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Joshua Gert [87]Joshua Noah Gert [1]
  1.  40
    Brute Rationality: Normativity and Human Action.Joshua Gert - 2004 - New York: Cambridge University Press.
    This book presents an account of normative practical reasons and the way in which they contribute to the rationality of action. Rather than simply 'counting in favour of' actions, normative reasons play two logically distinct roles: requiring action and justifying action. The distinction between these two roles explains why some reasons do not seem relevant to the rational status of an action unless the agent cares about them, while other reasons retain all their force regardless of the agent's attitude. It (...)
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  2. Normative strength and the balance of reasons.Joshua Gert - 2007 - Philosophical Review 116 (4):533-562.
  3.  31
    Primitive Colors: A Case Study in Neo-Pragmatist Metaphysics and Philosophy of Perception.Joshua Gert - 2017 - Oxford: Oxford University Press.
    Joshua Gert presents an original account of color properties, and of our perception of them. He employs a general philosophical strategy - neo-pragmatism - which challenges an assumption made by virtually all other theories of color: he argues that colors are primitive properties of objects, irreducible to physical or dispositional properties.
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  4.  39
    Normative Strength and the Balance of Reasons.Joshua Gert - 2007 - Philosophical Review 116 (4):533-562.
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  5. Value and parity.Joshua Gert - 2004 - Ethics 114 (3):492-510.
  6.  59
    What Colors Could Not Be.Joshua Gert - 2008 - Journal of Philosophy 105 (3):128-155.
  7. Brute Rationality.Joshua Gert - 2006 - Philosophical Quarterly 56 (222):145-146.
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  8. Brute rationality.Joshua Gert - 2003 - Noûs 37 (3):417–446.
  9.  41
    Normative Bedrock: Response-Dependence, Rationality, and Reasons.Joshua Gert - 2012 - Oxford, GB: Oxford University Press.
    Joshua Gert offers an original account of normative facts and properties, those which have implications for how we ought to behave. He argues that our ability to think and talk about normative notions such as reasons and benefits is dependent on how we respond to the world around us, including how we respond to the actions of other people.
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  10.  55
    Neo‐pragmatism, Representationalism and the Emotions.Joshua Gert - 2017 - Philosophy and Phenomenological Research 97 (2):454-478.
    This paper offers a neo-pragmatist account of the representational character of the emotions, for those emotions that have such a character. Put most generally, neo-pragmatism is the view that language should not be conceived primarily in terms of a robust relation of reference to or representation of antecedently given objects and properties. Rather, we should view it as a social practice that lets us do various quite different sorts of things. One of those things might be called ‘assessing representational accuracy’, (...)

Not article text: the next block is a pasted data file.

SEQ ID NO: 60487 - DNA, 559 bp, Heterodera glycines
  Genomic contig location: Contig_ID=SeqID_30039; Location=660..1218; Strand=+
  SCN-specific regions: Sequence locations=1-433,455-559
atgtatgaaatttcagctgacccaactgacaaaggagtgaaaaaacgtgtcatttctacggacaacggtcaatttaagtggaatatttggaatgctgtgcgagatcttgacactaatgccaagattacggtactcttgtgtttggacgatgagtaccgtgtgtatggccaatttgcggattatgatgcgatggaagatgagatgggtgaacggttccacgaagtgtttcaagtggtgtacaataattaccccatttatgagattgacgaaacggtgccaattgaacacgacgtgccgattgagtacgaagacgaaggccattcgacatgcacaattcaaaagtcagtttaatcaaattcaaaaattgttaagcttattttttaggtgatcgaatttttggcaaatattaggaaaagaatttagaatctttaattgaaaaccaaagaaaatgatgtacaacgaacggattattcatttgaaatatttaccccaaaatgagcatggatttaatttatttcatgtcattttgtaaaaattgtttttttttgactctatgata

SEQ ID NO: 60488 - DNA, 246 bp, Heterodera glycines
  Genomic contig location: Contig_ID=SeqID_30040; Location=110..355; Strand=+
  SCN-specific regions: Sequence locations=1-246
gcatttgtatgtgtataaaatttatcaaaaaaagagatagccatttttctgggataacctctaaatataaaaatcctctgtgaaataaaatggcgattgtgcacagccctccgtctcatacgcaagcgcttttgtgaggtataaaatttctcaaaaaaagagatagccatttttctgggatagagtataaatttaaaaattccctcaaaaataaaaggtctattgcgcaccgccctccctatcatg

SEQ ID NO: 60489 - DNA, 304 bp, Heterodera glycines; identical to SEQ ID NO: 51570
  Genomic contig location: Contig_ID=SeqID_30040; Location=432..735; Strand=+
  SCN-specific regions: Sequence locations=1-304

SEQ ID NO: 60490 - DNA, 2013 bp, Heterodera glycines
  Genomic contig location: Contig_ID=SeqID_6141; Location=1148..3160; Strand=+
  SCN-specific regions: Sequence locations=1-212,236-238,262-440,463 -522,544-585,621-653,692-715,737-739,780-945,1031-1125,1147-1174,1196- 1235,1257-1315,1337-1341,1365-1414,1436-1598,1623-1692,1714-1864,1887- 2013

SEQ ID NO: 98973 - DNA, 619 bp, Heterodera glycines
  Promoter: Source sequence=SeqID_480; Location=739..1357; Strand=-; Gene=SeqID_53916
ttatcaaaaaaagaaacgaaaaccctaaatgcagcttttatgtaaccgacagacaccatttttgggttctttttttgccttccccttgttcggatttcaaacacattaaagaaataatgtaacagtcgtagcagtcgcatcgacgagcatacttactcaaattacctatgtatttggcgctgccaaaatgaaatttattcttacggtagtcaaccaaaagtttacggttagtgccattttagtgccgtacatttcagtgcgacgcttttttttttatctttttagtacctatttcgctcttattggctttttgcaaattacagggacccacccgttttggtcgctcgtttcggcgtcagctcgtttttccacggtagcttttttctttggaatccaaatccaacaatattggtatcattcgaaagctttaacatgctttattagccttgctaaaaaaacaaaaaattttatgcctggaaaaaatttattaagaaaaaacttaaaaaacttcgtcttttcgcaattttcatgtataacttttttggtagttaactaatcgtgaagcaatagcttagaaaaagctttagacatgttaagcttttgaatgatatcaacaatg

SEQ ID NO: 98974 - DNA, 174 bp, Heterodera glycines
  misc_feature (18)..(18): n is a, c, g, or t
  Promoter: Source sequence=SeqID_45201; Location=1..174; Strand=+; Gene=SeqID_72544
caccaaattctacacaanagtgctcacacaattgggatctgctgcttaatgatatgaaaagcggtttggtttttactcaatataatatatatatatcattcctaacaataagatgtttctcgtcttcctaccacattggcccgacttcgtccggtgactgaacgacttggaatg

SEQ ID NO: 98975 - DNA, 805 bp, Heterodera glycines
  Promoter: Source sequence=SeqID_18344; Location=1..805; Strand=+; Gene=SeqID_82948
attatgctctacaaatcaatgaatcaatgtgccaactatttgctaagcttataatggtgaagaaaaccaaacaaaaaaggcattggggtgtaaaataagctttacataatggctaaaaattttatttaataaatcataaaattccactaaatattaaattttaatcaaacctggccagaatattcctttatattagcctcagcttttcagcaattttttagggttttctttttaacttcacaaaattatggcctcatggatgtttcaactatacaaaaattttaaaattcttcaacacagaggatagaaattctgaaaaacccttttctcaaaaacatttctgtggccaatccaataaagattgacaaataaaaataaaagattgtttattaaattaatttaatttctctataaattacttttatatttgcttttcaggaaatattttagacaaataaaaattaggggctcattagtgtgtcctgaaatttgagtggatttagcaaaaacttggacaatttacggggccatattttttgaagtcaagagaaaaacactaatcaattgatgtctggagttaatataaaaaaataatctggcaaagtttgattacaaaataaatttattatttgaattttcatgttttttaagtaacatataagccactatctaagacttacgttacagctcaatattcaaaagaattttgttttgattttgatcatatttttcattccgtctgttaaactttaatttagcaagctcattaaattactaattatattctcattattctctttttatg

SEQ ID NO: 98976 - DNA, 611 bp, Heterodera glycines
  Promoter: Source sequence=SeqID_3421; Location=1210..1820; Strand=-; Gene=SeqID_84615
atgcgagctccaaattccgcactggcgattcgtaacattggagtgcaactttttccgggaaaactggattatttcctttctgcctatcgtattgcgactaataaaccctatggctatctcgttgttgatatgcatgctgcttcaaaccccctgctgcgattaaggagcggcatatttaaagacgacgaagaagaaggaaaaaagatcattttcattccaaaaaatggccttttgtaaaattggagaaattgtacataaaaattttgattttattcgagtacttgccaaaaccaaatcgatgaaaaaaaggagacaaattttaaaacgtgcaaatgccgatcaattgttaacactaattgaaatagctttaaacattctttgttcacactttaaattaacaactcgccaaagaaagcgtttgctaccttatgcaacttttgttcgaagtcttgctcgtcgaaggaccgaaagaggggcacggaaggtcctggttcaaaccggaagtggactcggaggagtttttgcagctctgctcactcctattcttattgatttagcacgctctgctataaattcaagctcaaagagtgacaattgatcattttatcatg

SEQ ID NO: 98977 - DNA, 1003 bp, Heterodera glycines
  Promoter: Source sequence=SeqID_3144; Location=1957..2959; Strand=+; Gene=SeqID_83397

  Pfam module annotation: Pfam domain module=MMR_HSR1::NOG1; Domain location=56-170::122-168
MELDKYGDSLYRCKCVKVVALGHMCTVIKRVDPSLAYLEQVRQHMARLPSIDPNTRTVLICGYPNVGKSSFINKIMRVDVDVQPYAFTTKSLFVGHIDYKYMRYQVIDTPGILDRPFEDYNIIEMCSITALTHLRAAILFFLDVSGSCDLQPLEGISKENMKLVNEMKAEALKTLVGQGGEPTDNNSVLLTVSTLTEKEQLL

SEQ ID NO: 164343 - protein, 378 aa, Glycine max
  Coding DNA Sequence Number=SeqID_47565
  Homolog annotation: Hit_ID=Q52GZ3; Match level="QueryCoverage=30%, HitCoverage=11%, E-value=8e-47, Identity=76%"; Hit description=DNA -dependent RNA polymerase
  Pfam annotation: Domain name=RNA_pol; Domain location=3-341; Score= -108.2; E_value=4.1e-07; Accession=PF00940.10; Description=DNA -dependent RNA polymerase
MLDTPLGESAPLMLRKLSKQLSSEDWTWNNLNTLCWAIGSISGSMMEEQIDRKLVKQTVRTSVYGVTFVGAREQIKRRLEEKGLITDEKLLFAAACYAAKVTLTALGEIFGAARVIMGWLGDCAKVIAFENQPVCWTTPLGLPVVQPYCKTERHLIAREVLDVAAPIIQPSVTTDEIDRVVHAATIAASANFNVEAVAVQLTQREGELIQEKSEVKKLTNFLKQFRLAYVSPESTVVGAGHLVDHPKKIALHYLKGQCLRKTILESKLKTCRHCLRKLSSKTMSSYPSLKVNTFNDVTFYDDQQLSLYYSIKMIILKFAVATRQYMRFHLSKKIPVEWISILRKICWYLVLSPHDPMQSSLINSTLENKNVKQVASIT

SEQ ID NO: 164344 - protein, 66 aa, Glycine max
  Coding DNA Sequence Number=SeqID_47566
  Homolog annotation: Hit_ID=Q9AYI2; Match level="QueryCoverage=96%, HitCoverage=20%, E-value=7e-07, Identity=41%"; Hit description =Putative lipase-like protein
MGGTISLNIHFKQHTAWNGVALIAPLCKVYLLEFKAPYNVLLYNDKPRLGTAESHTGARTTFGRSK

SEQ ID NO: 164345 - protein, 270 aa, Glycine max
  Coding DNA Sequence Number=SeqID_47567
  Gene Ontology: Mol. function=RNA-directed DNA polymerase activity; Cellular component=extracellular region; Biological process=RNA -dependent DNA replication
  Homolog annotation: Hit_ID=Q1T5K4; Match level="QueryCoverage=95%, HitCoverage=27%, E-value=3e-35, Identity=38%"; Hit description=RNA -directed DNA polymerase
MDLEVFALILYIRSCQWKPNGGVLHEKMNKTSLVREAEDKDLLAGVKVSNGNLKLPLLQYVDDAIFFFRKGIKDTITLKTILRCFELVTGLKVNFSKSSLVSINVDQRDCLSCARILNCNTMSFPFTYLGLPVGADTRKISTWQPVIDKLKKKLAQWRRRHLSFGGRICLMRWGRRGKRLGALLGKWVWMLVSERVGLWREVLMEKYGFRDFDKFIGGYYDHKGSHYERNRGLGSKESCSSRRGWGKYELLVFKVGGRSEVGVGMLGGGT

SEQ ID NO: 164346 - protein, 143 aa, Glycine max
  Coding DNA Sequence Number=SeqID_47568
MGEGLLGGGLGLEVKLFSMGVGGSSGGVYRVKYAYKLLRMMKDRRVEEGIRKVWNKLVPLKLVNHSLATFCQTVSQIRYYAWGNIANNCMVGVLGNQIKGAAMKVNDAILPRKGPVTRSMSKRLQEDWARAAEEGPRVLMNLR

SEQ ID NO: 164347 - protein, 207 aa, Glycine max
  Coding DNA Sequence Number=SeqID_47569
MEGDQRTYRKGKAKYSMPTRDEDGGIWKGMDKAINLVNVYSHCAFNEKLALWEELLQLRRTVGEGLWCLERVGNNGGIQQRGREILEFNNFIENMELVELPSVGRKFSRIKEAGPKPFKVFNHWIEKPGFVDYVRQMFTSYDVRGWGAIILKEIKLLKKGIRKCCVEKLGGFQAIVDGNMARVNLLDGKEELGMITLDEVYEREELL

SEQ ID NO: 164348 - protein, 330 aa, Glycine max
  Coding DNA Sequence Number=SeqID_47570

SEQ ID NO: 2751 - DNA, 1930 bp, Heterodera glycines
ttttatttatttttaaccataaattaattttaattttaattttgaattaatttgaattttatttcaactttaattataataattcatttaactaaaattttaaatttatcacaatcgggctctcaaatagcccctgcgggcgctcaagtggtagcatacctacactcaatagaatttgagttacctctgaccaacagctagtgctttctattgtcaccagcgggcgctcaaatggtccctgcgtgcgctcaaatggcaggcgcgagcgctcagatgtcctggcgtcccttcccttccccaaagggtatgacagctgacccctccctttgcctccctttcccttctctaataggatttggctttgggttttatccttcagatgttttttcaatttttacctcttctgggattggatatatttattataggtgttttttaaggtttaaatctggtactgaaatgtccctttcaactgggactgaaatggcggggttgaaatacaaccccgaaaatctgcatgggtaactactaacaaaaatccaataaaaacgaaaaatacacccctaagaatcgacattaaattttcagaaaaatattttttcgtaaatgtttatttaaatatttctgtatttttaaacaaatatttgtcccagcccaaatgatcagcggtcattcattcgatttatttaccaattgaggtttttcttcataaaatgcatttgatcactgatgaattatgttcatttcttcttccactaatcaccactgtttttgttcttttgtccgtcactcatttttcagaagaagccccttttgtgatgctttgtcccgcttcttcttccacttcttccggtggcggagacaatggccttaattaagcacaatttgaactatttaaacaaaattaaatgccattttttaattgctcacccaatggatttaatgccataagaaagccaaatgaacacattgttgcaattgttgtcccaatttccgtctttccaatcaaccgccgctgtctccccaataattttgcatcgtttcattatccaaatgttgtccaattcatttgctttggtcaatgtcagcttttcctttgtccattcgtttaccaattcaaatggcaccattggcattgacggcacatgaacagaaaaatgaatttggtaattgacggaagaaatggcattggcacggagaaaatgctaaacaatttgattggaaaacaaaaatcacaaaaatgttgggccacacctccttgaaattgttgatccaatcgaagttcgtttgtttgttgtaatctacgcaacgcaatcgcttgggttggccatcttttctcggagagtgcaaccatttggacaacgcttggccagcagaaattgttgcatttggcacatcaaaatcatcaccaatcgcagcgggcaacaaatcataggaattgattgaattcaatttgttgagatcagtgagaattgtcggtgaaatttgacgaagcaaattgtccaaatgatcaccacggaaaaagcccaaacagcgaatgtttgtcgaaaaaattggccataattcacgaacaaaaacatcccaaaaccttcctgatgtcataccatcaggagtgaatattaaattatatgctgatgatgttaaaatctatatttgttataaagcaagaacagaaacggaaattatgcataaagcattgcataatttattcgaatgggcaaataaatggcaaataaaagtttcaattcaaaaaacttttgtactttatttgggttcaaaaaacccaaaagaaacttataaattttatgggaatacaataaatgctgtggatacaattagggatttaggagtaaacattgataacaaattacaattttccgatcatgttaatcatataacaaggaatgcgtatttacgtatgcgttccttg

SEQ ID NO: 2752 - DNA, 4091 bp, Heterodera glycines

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  11.  43
    Neopragmatist semantics.Joshua Gert - 2021 - Philosophy and Phenomenological Research 106 (1):107-135.
    Philosophy and Phenomenological Research, EarlyView.
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  12.  36
    Information-Theoretic Adverbialism.Joshua Gert - 2021 - Australasian Journal of Philosophy 99 (4):696-715.
    ABSTRACT Adverbialism is the view that to have a conscious perceptual experience is to be consciously experiencing in a certain way, and that this way is not to be understood in relational or representational terms. We might compare what it is for a conscious being to be experiencing in a certain way with what it is for a string to be vibrating in a certain way. This paper makes a new case for adverbialism by appealing to the fact that we (...)
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  13.  36
    Neopragmatist semantics.Joshua Gert - 2021 - Philosophy and Phenomenological Research 106 (1):107-135.
    Philosophy and Phenomenological Research, EarlyView.
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  14. Color Constancy, Complexity, and Counterfactual.Joshua Gert - 2010 - Noûs 44 (4):669-690.
  15. A realistic colour realism.Joshua Gert - 2006 - Australasian Journal of Philosophy 84 (4):565 – 589.